Enabling Environments

Three Ways to Encourage Early Learning Outdoors

  • Three Ways to Encourage Early Learning Outdoors

Laura England creates a new space to learn, discovers nature’s art supplies and shares engaging ways to match and sort…

1. A classroom outside

In our setting we have free-flow access to the outdoor area, which means that many of the children choose to spend nearly their entire day in the fresh air. We decided to create an outdoor classroom to further extend the outdoor space and to create a dedicated area for outdoor development. We wanted the structure to be in keeping with its surrounding, so we opted for a wooden shed with floor-to-ceiling windows.

Within the classroom we have lots of resources that cannot be left outdoors but are great for investigating the space – for example, paper, pencils, maps, reference books, walkie talkies, scales, magnifying glasses and much more. And we now have a cosy space where children can have a nap or enjoy a rest from the elements, particularly in the colder months!

2. Loose-parts art

When it comes to art, you don’t need lots of expensive or fancy materials; nature provides a wealth of opportunities for children to discover and create. Why not try making pictures with all the natural loose parts available to you, such as leaves, petals, stones, sticks and pine cones? These materials will allow children to create and recreate all year round. You can even turn natural loose parts into paint brushes by attaching leaves or petals to the ends of sticks, and use water and mud instead of paint!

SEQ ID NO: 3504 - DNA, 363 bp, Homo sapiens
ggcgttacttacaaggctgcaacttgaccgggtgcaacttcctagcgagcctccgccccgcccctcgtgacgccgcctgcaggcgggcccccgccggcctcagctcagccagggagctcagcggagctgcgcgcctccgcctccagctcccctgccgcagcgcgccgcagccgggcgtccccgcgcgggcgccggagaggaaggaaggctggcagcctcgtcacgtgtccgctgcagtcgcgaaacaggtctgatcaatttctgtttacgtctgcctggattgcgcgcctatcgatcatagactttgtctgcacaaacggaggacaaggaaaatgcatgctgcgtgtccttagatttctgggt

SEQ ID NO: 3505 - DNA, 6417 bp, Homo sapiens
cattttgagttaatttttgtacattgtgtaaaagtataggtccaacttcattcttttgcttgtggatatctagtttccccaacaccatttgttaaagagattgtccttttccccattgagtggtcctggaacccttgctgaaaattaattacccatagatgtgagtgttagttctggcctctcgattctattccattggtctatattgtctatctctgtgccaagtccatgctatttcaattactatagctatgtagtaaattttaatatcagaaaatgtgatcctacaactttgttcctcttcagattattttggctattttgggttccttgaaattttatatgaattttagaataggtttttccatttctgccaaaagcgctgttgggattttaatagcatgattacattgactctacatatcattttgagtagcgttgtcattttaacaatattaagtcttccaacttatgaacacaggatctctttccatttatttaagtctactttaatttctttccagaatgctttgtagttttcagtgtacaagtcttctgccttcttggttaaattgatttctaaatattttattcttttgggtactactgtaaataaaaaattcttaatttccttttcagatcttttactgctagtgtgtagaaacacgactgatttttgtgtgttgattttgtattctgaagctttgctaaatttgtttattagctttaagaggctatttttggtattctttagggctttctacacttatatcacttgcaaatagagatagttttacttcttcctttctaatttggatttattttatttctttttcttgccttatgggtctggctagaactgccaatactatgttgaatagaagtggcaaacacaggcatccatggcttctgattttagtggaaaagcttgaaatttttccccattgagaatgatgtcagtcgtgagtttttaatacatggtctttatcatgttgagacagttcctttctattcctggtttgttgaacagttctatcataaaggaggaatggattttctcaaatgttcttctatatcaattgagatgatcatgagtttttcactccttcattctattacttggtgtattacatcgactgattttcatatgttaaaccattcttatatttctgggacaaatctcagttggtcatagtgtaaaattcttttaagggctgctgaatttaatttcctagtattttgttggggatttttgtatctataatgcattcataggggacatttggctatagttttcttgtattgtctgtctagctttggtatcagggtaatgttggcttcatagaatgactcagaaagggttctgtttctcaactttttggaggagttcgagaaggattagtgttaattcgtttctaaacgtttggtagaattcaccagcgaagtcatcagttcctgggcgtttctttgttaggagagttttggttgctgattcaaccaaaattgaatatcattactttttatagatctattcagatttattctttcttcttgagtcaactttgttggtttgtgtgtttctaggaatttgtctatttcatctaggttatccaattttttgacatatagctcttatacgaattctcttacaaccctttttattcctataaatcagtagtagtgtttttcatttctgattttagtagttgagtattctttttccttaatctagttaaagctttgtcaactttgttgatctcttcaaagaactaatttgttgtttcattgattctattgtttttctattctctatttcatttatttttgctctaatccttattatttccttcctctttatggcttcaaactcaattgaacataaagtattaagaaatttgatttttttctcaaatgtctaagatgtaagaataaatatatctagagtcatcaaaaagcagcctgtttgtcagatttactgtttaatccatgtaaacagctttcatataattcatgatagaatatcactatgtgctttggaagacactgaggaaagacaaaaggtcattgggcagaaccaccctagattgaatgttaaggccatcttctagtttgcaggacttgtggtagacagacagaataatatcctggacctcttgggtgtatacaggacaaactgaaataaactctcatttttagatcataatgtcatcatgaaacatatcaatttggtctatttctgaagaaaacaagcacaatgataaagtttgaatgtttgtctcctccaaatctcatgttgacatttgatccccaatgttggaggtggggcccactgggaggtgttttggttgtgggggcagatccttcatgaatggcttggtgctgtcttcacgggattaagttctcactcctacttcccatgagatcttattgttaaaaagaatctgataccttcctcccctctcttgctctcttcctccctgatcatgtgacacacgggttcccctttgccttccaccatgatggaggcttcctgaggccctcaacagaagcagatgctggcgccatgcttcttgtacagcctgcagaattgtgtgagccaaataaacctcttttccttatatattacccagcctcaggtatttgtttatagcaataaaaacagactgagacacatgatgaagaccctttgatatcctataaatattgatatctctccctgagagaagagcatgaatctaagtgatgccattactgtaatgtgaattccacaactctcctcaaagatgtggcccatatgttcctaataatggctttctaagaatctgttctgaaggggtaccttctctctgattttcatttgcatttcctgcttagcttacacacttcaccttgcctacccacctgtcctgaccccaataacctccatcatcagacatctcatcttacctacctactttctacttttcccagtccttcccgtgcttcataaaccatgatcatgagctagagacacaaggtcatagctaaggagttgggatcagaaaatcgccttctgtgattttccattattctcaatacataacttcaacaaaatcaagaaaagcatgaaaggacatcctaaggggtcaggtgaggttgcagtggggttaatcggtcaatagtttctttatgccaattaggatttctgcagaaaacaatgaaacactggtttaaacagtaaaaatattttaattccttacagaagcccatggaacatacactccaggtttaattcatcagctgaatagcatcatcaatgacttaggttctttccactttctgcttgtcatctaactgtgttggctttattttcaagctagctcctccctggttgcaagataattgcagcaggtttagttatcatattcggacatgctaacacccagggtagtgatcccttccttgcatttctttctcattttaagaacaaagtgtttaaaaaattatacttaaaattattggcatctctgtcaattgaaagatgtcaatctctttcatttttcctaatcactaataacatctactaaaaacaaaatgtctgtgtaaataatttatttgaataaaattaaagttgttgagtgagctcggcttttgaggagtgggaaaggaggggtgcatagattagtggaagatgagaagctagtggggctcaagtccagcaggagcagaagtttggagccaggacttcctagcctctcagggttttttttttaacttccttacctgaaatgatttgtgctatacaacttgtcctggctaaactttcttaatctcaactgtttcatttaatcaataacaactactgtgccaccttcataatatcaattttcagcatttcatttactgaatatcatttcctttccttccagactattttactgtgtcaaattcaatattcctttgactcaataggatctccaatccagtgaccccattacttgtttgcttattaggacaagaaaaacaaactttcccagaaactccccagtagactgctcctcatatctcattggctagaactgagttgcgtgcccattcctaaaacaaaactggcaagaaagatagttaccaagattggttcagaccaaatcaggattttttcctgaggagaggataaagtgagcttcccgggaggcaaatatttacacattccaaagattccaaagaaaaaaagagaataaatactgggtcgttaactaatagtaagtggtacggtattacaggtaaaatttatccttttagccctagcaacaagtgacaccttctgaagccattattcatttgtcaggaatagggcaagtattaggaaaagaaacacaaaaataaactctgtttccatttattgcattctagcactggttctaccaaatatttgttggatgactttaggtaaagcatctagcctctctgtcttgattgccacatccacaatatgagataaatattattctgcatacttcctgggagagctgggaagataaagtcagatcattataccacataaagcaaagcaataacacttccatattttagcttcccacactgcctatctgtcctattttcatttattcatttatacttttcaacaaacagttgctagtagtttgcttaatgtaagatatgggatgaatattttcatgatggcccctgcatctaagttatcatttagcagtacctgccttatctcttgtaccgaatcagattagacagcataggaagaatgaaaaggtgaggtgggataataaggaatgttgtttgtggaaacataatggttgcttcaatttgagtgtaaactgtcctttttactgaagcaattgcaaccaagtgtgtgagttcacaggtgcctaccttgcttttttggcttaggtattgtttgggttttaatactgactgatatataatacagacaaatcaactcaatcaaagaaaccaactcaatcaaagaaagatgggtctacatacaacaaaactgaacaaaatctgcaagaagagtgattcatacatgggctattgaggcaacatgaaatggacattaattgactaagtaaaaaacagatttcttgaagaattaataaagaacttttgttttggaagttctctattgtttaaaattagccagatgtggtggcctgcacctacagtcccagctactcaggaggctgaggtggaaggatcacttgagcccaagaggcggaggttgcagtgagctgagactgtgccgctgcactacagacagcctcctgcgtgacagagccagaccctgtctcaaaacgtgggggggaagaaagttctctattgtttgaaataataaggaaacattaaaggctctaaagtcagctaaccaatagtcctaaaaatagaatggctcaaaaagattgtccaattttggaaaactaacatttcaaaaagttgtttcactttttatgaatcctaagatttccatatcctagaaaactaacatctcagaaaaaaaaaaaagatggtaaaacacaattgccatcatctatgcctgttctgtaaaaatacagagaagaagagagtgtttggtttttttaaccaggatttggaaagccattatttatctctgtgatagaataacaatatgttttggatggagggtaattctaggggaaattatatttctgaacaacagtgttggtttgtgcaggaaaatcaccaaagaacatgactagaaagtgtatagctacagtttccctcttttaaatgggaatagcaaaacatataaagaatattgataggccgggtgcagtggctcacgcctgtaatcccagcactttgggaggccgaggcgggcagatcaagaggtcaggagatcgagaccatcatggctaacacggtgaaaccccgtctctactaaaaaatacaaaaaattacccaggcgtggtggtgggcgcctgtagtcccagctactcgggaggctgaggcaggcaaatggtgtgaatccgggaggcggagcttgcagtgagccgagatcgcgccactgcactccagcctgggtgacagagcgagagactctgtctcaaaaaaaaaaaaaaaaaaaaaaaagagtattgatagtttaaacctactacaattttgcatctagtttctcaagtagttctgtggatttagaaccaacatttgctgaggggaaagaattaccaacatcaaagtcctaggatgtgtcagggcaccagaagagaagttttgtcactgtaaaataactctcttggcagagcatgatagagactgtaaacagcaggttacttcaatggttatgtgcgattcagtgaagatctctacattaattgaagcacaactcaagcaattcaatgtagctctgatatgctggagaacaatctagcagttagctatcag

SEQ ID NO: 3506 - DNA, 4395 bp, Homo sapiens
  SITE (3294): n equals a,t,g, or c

Use nature as your muse: can the children mix paints to match the colours of leaves? Can they draw a picture of the sun? What effects do different surfaces create? Our current muse is light and shadow, and the children have been chalking around and painting shadows.

3. Matching colours

Continuing with the theme of nature and budget-friendly ideas, why not use the outdoors for counting, sorting and ordering? We collected paint card samples from our local hardware store and used elastic bands to attach them to a length of thick card (you could use cardboard tubes, clipboards or place the samples in a tinker tray instead). The children then took these on their travels; they collected items that matched the paint card samples and developed their fine motor skills as they positioned them under the elastic bands. This is great for problem solving as there are lots of different shades of the same colour.

To extend this we’re going to sort our natural items by size and shape; it’s great to size-order natural loose parts because it involves lots of critical thinking and there’s usually a number of solutions due to the differing lengths and widths of natural items.

Have you read…?

Not a Stick
By Antoinette Portis

I often get asked about books that promote loose-parts play – well, try having a look at Not a Stick by Antoinette Portis. The follow up to Not a Box, it celebrates the power of imagination and creativity when using everyday objects.

Laura England is preschool leader at Blythe Bridge Day Nursery and the author of Schemas: A Practical Handbook. Follow @littlemiss_ey

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